Twenty-seven years ago next month, a black-themed half-hour comedy series called Frank’s Place made its debut on CBS. I tuned in the first episode solely because I’d been a fan of WKRP in Cincinnati, one of whose cast members, Tim Reid, was the star of the new show, which was set in modern-day New Orleans. But I liked what I saw very much, and continued to watch Frank’s Place throughout its run.
Except for the racial angle, the premise of Frank’s Place was simple to the point of obviousness: Reid played a middle-class black academic from Boston who inherited a Creole-style restaurant from his father and decided to move to New Orleans to run it. The show itself, however, was radically different in style and tone from most of the other popular sitcoms of the day, WKRP included, for it was an unusually well-written single-camera “dramedy” without a laugh track. Such series are common enough now, but they were rare in 1987, and the fact that Frank’s Place had a mostly black cast made it rarer still.
Not surprisingly, Reid understood full well what he’d gotten himself into. “Hugh, I think this is brilliant, but it scares hell out of me,” he said to Hugh Wilson, the show’s creator. “I’ve never seen this on television. I’m not sure television is ready for this.” Nor was it: Frank’s Place was cancelled after a single twenty-two-episode season, and today it is known only to TV historians and aging fans.
Frank’s Place has never been released on DVD, but several episodes can now be viewed on YouTube. One of them, “Frank Joins the Club,” in which Reid is invited to join an upper-middle-class social club for light-skinned black men, has remained clear in my memory ever since it originally aired:
So far as I know, this episode of Frank’s Place was the first time that the near-unmentionable topic of intraracial prejudice was discussed with any kind of candor on network TV. While I’d read about it in books like The Autobiography of Malcolm X, it wasn’t until I saw “Frank Joins the Club,” which was written by the playwright Samm-Art Williams, that I became aware that it still existed in the black community, and began to grasp how it affected the everyday lives of black Americans.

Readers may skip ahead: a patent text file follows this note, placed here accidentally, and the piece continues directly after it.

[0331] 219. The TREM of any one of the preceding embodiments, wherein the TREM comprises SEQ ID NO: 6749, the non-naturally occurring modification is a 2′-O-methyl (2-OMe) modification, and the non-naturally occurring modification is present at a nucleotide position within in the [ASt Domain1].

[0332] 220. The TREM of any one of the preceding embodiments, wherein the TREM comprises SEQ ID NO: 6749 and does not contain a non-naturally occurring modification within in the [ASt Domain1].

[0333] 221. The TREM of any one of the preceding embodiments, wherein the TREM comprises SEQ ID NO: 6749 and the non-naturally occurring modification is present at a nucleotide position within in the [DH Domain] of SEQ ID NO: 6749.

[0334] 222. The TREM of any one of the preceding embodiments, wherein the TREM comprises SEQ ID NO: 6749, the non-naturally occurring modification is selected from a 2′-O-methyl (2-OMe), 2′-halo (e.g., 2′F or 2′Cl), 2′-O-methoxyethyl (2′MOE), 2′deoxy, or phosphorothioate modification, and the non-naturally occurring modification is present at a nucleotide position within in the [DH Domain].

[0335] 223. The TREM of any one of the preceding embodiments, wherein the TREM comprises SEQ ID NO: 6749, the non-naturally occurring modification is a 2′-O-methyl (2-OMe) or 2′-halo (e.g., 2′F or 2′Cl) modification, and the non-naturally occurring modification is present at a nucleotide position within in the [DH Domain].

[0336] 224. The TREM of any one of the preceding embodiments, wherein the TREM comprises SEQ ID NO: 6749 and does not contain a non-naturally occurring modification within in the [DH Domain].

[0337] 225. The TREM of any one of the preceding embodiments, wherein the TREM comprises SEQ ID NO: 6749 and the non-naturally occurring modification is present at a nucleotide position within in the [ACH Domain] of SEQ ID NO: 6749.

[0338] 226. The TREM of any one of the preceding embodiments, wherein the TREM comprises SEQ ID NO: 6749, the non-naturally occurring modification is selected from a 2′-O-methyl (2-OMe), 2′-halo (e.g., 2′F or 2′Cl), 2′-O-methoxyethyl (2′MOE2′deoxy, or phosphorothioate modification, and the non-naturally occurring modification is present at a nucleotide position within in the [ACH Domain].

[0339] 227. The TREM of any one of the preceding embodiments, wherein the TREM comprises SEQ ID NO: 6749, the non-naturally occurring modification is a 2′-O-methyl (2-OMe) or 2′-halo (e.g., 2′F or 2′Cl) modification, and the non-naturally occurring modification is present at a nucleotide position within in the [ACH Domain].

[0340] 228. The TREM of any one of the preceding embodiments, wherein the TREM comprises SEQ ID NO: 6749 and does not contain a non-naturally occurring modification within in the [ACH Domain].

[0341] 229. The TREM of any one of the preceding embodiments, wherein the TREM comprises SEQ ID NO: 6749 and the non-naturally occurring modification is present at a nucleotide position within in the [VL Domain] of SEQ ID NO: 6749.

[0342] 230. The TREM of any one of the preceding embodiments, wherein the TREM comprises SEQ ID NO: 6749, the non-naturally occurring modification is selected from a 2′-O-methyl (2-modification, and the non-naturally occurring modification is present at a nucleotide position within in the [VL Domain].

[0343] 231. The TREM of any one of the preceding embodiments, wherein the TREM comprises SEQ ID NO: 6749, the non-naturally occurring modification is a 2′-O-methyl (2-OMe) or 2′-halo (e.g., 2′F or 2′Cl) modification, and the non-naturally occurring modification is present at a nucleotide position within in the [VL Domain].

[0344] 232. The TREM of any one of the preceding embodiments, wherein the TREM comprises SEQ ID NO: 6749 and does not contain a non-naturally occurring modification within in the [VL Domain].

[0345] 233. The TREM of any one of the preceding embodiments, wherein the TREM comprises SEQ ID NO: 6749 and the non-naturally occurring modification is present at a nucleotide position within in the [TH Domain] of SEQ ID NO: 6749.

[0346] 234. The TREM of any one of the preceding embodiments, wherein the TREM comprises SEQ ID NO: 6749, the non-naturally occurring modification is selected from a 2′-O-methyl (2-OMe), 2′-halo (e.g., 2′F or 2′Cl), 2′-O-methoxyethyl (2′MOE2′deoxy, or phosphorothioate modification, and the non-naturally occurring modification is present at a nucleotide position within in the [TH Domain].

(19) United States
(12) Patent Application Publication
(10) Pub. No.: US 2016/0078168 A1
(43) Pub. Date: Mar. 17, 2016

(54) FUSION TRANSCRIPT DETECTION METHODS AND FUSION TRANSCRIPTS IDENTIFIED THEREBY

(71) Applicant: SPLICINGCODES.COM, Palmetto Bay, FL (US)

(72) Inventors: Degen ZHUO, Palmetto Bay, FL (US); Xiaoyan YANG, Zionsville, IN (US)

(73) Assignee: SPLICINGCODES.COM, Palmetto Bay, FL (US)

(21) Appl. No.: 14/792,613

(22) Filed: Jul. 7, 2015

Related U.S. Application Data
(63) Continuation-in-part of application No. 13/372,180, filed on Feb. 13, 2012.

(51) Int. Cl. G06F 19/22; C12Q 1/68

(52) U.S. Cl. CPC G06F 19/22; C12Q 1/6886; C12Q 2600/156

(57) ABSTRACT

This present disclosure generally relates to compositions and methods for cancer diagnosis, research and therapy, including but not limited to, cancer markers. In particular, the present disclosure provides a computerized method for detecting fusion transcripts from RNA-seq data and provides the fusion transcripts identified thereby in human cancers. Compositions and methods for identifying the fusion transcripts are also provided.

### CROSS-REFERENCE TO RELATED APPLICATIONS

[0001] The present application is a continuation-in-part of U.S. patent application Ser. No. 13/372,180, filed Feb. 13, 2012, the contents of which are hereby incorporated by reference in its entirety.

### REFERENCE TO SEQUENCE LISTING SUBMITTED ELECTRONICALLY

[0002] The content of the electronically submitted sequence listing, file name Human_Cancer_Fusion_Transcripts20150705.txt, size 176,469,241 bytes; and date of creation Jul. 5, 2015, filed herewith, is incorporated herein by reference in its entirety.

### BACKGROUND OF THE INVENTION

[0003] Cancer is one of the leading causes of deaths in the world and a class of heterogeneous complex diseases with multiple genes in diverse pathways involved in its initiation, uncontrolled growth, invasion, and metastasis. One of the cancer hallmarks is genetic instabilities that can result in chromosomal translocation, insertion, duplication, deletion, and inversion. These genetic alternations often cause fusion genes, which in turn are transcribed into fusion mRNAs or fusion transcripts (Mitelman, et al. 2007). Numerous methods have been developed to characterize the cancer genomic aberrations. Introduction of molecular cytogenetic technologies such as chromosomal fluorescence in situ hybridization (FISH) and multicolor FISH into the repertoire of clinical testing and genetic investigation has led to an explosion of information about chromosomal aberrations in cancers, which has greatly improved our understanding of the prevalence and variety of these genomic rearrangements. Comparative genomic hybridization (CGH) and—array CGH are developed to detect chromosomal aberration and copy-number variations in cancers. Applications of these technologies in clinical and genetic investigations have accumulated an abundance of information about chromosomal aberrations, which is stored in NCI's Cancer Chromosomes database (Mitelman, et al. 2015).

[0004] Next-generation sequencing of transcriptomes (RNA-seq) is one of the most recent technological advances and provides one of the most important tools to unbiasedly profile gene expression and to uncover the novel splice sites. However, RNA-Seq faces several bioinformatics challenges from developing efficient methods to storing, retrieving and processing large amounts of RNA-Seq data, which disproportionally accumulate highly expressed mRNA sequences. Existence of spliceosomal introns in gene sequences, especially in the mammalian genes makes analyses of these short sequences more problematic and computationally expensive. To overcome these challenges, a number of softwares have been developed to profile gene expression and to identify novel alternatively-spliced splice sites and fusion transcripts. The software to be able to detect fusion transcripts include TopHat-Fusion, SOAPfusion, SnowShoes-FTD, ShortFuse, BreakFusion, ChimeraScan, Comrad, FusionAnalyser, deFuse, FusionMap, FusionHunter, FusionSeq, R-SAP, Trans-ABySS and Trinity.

Needless to say, I had no earthly idea back in 1987 that I would someday write full-length biographies of Louis Armstrong and Duke Ellington that dealt with intraracial prejudice, much less a one-man play about Armstrong and Joe Glaser, his Jewish manager. Still, I rather doubt that I would have written the following speech from Satchmo at the Waldorf in quite the same way had I not seen “Frank Joins the Club”:
Down in New Orleans, them light-skin colored, them Creoles, they think they hot shit, look down on the rest of us like we was dirt. Jelly Roll Morton, he like that. Had that diamond in his front tooth. Used to swan around saying, “Don’t call me colored—I’m one hundred percent French.” But you know what? He still had to eat out back in the kitchen, just like me.
That why I call myself “Louis,” not “Louie.” Mr. Glaser, he call me “Louie.” White folks all call me “Louie.” The announcer here, he call me “Louie” every night before the show. That’s O.K., call me what you want, but I ain’t no goddamn Frenchman, ain’t no Creole, ain’t no “Lou-ie.” I’m black. Black as a spade flush. Woke up black this morning, black when I go to bed, still gonna be black when I get up tomorrow. Don’t like it, you can kiss my black ass.
I’ve never before had occasion to write about Frank’s Place, mainly because it wasn’t until those episodes made it to YouTube that I was able to confirm the accuracy of my faded memories of their quality. Truth to tell, I was a bit afraid to watch “Frank Joins the Club” for fear of being disillusioned. But it turned out to be as good as I remembered, and now that I’ve finally seen it for a second time long after the fact, I want to pay a debt. Thank you, Tim Reid, Hugh Wilson, and Samm-Art Williams, for teaching me a lesson about the complexity of race relations in America that I took to heart and never forgot. I hope you get to see Satchmo at the Waldorf someday and find out what you wrought.
* * *
To read Dave Walker’s 2002 New Orleans Times-Picayune feature story about Frank’s Place, go here.